Are you curious about carbon sequestration? Have you heard the term and don't quite understand what it means? This blog sheds some light on natural carbon sequestration processes and their role in the forestry industry.
What is carbon sequestration and why is it important?
Carbon sequestration is a process by which atmospheric carbon (a greenhouse gas) is absorbed or captured and stored for a long period of time. Storing carbon prevents it from entering the atmosphere and contributing to the global rise in temperatures.
As global leaders commit to new climate change policies, innovative ideas for carbon capture, utilization, and storage are being sought out and evaluated. Priorities have centered around amplifying the amount of carbon that can be captured from the atmosphere. Increasing these efforts results in a decline in greenhouse gases released into the atmosphere, which is important to reduce the rate at which global temperatures are rising.
What is natural carbon sequestration and how is it different from carbon capture?
Carbon sequestration refers to naturally occurring carbon storage through carbon sinks like forests, grasslands, wetlands, and oceans. These vital ecosystems absorb more atmospheric carbon than they release. The carbon continually captured through natural processes like photosynthesis is then stored within vegetation, soil, or sediment. It remains stored until a disturbance event such as a wildfire occurs and releases it back into the atmosphere.
Carbon capture refers to artificial or manufactured carbon storage solutions. For example, carbon capture, utilization, and storage (CCUS) is a technological process that captures carbon emissions from large carbon-producing sites like oil refineries, compresses them, and transports them through a pipeline system to be stored deep underground in rock formation.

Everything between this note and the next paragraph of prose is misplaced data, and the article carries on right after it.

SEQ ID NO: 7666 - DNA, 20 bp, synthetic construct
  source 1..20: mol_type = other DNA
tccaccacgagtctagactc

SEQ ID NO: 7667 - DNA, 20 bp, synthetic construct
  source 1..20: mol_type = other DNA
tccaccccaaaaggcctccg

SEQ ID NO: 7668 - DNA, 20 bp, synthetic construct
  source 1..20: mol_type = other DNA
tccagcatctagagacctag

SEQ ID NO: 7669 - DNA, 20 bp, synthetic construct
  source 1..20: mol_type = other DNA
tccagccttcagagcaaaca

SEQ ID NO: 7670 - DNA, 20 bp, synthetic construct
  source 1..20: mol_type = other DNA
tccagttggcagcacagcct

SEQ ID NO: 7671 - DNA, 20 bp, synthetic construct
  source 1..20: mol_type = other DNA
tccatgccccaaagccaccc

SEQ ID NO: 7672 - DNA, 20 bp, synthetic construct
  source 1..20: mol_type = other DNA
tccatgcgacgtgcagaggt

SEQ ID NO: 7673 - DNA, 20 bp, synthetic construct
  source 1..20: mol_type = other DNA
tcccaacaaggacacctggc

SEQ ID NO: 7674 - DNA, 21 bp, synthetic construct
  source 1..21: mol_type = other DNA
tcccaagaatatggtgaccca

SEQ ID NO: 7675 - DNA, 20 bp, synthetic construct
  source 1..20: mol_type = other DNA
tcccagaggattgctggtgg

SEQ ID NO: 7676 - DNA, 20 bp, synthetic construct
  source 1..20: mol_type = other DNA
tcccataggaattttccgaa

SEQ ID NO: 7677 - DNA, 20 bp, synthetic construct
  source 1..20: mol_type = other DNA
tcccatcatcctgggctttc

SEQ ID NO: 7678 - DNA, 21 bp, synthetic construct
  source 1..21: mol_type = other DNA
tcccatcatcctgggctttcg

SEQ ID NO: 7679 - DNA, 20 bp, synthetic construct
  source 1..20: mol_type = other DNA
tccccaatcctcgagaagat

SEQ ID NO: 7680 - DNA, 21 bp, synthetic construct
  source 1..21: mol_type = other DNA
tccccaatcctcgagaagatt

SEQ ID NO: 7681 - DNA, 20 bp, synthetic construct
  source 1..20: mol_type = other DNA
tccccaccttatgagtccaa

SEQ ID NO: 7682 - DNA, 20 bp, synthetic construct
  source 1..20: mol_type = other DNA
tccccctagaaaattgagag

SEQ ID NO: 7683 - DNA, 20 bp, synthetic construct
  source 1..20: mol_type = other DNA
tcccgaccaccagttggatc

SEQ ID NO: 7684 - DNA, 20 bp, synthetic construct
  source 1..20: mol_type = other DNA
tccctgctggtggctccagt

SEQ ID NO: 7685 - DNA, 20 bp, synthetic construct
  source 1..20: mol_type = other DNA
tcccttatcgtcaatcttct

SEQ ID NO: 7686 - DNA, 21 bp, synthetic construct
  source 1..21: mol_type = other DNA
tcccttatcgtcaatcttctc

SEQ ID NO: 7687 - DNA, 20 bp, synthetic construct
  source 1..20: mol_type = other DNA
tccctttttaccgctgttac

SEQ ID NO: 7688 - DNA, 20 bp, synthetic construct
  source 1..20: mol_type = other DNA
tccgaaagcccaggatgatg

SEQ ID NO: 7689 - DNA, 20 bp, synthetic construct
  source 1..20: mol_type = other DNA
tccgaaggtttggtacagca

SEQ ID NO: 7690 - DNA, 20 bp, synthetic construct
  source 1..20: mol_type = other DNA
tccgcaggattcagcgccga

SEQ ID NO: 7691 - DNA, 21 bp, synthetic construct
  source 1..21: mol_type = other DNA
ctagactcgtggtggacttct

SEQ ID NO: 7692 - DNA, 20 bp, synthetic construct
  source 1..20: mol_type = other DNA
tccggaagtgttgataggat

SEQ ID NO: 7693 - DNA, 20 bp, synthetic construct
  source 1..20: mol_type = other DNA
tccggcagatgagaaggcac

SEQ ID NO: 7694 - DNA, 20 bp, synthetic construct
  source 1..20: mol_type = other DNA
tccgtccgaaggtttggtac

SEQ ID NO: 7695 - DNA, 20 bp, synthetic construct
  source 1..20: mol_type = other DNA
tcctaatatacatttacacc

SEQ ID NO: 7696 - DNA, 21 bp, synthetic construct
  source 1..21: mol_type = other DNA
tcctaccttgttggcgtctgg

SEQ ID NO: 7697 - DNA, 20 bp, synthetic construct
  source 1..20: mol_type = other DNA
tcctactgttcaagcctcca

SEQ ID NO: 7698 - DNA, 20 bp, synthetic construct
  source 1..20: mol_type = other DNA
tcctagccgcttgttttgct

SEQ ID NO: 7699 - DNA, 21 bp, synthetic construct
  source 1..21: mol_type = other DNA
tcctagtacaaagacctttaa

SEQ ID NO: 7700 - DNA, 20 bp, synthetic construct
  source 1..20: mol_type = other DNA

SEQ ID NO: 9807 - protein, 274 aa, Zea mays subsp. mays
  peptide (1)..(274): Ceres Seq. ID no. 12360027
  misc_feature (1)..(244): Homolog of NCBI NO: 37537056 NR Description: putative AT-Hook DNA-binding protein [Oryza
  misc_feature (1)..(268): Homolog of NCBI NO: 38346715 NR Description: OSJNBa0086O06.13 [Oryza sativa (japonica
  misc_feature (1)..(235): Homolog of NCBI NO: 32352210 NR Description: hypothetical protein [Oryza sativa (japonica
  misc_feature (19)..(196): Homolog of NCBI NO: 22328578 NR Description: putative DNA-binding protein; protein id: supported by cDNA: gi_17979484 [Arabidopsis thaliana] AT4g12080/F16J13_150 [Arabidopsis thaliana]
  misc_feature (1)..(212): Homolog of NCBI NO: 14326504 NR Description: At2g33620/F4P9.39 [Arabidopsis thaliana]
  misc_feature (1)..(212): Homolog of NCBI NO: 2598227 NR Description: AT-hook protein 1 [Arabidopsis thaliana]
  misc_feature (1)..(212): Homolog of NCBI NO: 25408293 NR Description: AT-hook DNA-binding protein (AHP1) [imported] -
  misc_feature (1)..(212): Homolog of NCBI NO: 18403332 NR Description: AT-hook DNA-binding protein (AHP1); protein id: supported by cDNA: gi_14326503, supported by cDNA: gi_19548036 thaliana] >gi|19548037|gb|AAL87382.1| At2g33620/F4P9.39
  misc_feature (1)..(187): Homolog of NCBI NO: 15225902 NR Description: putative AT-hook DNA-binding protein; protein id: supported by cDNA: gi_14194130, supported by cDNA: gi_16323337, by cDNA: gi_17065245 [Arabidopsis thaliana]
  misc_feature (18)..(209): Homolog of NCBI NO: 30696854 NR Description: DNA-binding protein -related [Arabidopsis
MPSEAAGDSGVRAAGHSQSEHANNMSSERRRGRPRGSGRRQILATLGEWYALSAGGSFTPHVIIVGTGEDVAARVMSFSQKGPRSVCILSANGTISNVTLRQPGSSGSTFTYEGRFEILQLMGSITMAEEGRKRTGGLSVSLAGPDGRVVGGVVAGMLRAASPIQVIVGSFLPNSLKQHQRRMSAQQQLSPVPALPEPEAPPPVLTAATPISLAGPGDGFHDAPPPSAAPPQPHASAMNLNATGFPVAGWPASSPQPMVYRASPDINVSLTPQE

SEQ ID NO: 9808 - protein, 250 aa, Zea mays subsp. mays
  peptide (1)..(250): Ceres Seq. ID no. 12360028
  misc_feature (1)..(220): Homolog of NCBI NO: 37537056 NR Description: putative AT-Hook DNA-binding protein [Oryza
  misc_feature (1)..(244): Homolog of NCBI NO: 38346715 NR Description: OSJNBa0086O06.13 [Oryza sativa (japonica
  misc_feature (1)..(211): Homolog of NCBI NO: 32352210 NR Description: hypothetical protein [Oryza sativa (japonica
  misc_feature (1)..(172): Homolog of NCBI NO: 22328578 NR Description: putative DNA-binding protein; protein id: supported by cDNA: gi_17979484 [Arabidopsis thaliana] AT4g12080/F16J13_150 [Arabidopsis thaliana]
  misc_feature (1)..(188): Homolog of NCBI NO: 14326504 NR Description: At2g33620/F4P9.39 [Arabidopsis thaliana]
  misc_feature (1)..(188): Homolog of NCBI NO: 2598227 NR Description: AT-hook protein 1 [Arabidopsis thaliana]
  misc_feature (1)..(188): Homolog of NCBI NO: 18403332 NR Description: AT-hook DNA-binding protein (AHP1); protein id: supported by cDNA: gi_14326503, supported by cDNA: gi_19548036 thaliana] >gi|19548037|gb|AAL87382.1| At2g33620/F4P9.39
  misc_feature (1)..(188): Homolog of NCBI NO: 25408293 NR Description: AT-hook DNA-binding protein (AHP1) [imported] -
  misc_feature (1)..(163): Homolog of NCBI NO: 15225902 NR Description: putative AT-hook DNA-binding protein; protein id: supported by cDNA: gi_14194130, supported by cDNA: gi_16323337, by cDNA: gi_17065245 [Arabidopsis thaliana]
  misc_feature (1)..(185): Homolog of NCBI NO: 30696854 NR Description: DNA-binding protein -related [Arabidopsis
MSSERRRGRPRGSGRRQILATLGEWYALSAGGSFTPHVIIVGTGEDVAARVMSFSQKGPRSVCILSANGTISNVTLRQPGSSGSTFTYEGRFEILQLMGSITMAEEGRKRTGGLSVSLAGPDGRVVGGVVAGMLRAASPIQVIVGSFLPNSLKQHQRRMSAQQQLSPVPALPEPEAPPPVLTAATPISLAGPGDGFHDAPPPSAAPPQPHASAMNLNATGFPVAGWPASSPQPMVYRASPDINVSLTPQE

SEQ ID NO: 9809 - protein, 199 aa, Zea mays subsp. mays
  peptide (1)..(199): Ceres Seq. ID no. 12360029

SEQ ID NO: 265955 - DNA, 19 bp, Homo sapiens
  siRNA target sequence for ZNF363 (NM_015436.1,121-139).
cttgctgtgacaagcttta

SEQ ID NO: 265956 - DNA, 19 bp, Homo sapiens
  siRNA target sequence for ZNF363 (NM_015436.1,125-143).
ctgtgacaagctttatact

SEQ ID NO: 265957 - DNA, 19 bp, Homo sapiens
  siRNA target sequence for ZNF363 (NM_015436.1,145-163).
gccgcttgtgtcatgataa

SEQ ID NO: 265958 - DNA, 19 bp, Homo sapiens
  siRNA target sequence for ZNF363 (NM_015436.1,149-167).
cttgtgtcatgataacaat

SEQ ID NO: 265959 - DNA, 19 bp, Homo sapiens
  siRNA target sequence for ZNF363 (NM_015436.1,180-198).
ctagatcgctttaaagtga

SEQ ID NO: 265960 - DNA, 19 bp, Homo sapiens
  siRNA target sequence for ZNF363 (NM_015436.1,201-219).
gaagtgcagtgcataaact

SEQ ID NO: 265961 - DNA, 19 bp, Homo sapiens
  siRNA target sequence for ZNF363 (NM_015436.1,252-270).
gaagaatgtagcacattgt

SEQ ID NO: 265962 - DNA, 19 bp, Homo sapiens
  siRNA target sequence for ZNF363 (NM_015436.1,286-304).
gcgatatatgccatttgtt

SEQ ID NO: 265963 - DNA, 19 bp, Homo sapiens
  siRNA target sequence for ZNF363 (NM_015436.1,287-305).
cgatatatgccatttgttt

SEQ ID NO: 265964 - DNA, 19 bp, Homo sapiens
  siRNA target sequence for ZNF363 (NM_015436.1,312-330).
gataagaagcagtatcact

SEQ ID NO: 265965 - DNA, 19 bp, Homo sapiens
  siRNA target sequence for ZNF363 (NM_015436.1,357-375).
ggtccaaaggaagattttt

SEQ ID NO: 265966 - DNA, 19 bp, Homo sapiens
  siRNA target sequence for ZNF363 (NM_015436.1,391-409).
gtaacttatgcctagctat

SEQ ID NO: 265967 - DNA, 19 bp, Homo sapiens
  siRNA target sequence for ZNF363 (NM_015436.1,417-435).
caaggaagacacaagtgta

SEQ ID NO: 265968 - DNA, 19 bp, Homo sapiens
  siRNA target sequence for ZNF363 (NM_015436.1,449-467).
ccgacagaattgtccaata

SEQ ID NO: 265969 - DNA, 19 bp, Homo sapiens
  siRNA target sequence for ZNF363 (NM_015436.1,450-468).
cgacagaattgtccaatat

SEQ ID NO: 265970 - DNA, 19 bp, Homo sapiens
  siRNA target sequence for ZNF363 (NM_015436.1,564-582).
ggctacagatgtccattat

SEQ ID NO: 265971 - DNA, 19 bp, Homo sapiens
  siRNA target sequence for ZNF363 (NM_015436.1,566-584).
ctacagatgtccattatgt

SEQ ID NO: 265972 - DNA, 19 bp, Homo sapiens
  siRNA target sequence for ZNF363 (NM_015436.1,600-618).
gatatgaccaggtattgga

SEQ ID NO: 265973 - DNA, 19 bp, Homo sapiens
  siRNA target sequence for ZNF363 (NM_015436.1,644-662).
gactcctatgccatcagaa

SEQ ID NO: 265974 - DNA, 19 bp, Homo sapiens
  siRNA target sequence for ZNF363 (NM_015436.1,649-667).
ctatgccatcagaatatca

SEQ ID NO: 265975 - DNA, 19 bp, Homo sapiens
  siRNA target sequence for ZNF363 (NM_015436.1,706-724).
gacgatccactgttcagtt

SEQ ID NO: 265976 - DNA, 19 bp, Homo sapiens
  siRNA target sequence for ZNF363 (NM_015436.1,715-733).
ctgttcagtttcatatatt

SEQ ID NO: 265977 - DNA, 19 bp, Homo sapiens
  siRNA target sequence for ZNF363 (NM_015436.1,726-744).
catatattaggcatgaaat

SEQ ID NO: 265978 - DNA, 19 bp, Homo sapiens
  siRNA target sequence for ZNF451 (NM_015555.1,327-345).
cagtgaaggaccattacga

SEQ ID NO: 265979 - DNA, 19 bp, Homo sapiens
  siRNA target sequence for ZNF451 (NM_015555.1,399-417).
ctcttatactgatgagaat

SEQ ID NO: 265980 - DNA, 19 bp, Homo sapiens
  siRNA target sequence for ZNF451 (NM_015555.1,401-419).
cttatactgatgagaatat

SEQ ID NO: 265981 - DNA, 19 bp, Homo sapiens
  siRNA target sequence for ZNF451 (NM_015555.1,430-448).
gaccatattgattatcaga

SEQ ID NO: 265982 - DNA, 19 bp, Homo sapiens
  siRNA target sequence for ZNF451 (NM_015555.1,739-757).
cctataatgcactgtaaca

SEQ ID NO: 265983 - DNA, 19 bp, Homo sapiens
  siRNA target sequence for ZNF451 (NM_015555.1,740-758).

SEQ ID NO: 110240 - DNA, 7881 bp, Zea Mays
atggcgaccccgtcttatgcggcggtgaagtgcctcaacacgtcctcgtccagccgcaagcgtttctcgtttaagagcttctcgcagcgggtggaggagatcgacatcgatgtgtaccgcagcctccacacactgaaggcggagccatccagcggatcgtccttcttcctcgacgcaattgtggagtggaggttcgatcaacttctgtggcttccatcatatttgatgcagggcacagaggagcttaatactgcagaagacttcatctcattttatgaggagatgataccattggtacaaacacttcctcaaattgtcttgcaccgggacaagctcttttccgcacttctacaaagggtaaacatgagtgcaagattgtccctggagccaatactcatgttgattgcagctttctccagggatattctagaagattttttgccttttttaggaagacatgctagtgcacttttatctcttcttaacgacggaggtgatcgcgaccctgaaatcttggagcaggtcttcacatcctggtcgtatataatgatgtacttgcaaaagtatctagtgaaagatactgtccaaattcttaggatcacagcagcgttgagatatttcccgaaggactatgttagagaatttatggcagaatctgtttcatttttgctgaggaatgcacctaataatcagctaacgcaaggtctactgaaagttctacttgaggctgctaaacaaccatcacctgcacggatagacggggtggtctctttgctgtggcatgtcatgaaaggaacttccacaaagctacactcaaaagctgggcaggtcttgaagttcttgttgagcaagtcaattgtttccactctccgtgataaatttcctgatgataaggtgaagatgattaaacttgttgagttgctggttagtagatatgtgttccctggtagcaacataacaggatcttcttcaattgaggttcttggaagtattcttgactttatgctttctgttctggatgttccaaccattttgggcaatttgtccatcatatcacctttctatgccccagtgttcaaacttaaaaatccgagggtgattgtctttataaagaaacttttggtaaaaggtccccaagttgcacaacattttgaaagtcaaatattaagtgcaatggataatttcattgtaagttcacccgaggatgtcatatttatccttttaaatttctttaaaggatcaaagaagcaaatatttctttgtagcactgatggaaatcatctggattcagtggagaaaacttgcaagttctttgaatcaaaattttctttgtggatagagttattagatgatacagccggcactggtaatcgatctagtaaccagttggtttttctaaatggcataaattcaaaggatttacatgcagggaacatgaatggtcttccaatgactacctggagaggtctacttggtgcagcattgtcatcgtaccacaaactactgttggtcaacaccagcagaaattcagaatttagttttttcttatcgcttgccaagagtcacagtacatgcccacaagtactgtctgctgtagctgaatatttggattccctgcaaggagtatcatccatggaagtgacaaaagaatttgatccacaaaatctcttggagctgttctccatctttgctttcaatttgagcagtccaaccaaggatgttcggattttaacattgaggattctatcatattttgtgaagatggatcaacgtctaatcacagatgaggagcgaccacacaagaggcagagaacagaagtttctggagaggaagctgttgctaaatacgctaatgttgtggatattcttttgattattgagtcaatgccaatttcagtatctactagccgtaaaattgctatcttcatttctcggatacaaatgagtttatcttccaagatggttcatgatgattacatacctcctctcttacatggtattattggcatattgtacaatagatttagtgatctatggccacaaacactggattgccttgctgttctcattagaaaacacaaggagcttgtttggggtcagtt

Which North American ecosystems provide the best rates of carbon sequestration?
North America has a wide range of ecosystems, and some are better at sequestering carbon than others. The three most efficient ecosystem types for carbon sequestration in North America are:
- Terrestrial wetlands
- Mangroves and saltwater marshes
Native species of vegetation capture atmospheric carbon through photosynthesis and store it in their dense root systems and the soil. Wet ecosystems such as wetlands and mangroves are resistant to fire or agricultural development and are thus especially important as they ensure long-term carbon storage.
How can carbon sequestration be improved in managed forest land?
There are several ways to improve carbon sequestration in ecosystems like managed forests. Here are five suggestions to consider:
- Implement efficient harvesting techniques to keep soil carbon intact. Conscientious harvesting and efficient site preparation is important to keep carbon stored in the soil from being released into the atmosphere.
- Manage forests to reduce wildfire risk. Selectively thinning trees, clearing dense underbrush, and creating firebreaks can reduce wildfire risk in managed forests and keep carbon out of the atmosphere.
- Plant efficient species where possible during reforestation. Vegetation species differ in their carbon sequestration abilities and rates. Fast-growing species with large canopies are generally best for capturing and storing carbon.
- Reduce invasive species where possible. Carbon sequestration into the soil happens during interactions between vegetation and microbes in the soil. Invasive species alter the composition of these microbiomes which can reduce the carbon storage capacity of native species.
- Choose wood products for future builds. Even after harvesting, carbon that has been sequestered into wood products remains stored for the duration of its life cycle. Building with timber extends the longevity of the wood and keeps carbon out of the atmosphere for longer.